Man cannot fail to communicate. To communicate with the world, we have formed through our beliefs and values, the language we use… And we communicate with people in different ways. Some through music, some through dance, some stand in silence, others write. Through writing, we tell stories that we can interpret in our own way. We know the written stories from the time of Oriental literature – the time when literature began to develop. Nowadays we also know different genres – prose, poetry, drama and semi-literary genres. Literature, like all kinds of art, is evolving. Among the newer genres is also the slam poetry, which, according to the genre of poetry, falls under Illyricum. A poetry slam is more a competition arts event, in which poets perform spoken word poetry before a live audience.


Street Art

Think of our familiar urban environment without colour. Think of the vernacular being completely flat and homogenous. Cities and towns in the course of their development and expansion become more and more importunate and dull. Residents are increasingly been deprived of the public space and its free use. Street art comes to enrich the public landscape and communicate social and political messages to the passer-by.  Street artists bear the extremely important message that everyone can be an artist with just a few resources and a need to express herself. Street art is for all as it is in public display. Not in the gallery, not in the museum. The signifier and the message are there for all of us in equality and inclusion. There is no exclusive use of the artwork. In that sense, street art is a revolutionary way of expression for those with fewer opportunities, the oppressed, and the invisible.


Cinema

Among the seven noble arts, cinema is certainly the most accessible for young people. Since we were children, we all got used to seeing movies inspired by true stories and deeply linked to topics such as social exclusion, discrimination and diversity were shown. Those films moved and touched us. They made us feel empathy for the protagonists. Those films allowed us to develop a more or less accentuated sensitivity towards every-day situations, which we started looking with other eyes. Giving a young person the chance to get behind a camera means giving him or her the chance, at least for once, to put themselves in the shoes of a troupe creating the film. Any boy or girl can actually be a screenwriter and decide the story to tell. Then, as director, he or she’ll have to decide the angle and type of storytelling. Finally, he or she will have to choose the cast, calibrate the lights, take care of the sounds and mix together all the shots, bringing out the magic from those. Explaining in movie scenes what social exclusion is and which difficulties young people experience every day is tough. Through cinema, however, youngsters have the opportunity to transform a feeling, an idea, a complaint, into a product to be shown to an external audience. A product that, perhaps, will move, excite and turn new boys and girls into mature men and women.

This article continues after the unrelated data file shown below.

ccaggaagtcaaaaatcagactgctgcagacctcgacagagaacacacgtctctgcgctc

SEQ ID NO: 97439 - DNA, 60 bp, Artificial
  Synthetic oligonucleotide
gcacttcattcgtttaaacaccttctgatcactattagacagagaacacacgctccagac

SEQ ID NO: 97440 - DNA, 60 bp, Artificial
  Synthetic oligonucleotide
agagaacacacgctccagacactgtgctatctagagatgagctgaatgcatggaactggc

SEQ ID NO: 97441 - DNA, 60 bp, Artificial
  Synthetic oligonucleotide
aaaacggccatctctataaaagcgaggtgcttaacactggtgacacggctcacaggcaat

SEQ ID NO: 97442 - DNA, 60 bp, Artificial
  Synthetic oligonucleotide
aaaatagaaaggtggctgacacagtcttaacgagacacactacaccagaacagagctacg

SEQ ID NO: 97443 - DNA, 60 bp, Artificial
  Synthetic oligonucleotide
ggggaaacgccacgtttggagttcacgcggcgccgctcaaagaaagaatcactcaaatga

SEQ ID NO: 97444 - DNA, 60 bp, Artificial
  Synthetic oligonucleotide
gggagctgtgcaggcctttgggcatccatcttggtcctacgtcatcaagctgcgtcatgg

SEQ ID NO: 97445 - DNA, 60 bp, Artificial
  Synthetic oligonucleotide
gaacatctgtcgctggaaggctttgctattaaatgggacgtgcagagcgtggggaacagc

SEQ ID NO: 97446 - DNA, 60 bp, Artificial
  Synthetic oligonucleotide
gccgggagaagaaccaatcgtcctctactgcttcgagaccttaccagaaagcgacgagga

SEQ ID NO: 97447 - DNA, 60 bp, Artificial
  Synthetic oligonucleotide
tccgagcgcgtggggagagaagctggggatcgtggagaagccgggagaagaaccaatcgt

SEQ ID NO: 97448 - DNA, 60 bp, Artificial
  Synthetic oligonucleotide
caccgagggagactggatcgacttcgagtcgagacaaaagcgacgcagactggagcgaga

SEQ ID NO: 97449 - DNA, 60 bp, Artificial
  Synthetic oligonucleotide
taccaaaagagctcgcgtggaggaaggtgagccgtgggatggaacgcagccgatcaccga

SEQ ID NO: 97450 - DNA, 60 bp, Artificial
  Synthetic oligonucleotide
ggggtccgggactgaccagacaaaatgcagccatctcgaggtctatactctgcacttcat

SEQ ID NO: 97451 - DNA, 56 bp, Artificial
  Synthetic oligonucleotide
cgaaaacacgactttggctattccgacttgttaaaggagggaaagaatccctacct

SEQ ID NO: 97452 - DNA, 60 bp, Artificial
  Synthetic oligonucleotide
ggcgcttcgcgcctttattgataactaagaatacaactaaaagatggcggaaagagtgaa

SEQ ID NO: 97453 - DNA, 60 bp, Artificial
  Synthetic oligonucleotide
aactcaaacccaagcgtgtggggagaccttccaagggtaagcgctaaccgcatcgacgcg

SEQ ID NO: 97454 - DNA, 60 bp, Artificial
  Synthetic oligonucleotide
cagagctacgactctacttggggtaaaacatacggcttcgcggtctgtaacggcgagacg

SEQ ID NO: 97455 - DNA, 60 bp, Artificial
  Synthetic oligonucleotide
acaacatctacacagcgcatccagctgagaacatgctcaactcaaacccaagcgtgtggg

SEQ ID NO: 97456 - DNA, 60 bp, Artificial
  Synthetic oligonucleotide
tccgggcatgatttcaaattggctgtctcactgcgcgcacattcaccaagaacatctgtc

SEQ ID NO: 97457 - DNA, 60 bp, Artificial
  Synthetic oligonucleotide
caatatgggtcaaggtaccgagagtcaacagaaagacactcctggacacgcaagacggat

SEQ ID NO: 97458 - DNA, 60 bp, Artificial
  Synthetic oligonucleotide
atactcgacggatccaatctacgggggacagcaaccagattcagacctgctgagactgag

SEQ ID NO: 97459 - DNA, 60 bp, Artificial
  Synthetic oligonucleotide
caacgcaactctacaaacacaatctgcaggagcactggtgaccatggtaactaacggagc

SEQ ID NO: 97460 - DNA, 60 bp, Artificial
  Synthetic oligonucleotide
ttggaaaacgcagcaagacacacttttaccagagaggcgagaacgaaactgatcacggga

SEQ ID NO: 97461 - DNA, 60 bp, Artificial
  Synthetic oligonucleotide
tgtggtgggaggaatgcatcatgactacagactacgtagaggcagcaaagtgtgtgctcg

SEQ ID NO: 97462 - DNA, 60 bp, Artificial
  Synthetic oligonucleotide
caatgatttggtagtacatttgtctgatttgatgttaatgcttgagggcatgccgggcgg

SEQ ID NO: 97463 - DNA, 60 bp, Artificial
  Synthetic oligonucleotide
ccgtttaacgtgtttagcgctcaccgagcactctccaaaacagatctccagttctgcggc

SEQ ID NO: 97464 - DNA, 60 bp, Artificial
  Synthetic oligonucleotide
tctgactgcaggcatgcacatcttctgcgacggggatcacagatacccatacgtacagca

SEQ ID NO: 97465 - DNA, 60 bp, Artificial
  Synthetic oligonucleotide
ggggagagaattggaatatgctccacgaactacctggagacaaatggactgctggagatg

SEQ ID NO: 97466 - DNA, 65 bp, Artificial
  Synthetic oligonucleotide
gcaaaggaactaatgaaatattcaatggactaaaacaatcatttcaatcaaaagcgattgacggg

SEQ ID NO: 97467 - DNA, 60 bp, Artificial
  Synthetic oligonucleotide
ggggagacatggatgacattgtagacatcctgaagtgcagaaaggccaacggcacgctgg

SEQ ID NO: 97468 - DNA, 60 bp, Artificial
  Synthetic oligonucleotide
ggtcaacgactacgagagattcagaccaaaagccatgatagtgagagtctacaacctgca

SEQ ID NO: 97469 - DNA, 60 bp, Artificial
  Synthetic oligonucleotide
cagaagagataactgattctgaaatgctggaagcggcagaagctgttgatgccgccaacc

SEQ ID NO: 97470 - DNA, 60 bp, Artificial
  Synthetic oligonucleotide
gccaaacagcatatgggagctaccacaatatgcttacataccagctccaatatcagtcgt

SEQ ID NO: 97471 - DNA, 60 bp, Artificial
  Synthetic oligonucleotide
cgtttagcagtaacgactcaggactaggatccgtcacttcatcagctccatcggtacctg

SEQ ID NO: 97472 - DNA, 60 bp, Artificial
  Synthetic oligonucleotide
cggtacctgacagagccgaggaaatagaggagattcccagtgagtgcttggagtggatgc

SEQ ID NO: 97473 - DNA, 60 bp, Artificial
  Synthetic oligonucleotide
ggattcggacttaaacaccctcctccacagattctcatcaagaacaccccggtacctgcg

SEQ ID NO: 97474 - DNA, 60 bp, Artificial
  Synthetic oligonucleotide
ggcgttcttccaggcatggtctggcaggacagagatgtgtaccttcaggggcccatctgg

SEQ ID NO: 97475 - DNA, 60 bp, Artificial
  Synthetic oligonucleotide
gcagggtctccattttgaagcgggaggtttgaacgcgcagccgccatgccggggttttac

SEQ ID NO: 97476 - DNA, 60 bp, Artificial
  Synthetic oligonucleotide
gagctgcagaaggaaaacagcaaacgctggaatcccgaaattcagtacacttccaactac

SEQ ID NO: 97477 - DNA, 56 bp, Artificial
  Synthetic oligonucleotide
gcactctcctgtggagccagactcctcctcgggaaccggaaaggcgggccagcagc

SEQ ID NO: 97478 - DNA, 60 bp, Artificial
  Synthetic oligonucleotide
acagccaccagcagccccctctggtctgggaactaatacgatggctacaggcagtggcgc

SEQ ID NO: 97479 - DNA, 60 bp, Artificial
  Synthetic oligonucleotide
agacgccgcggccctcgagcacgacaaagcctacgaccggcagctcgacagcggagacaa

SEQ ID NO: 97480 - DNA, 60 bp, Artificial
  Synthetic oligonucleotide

Sculpture

When we think about diversity, we normally think about factors, such as age, race, or gender. However, we each have many layers of diversity which may include factors likeability, marital status, or profession, or disabilities. Our layers of diversity form a filter through which we view and experience the world, and through which others view and interact with us.
Discrimination has been forgotten, to those who may still think that a blind person can not go to the cinema, enjoy a painting or make it or perceive it. Shows its own limitations and not the person who has a physical disability. There are great examples all over the world, amazing efforts, that allow people with disabilities to enjoy a piece of art. Sculpture can be a form of art where different people with different disabilities and different backgrounds can enjoy a piece of art by smelling, touching, and listening to the different materials that that piece of sculpture was made of.
It is important that the world understands that adapting to those who have some kind of disability is necessary and it’s not that difficult. It’s important to be in their shoes and perceive the world as they perceive it, and find out ways for people with disabilities to get involved in art. When we create an environment of inclusion, in which we all feel like we belong and are valued for our unique perspectives and skills. Differences are considered opportunities for individual and organizational growth.

**All the pictures have been regularly downloaded from the website Freepik, on the basis of a Premium subscription. Licenses can be provided upon request.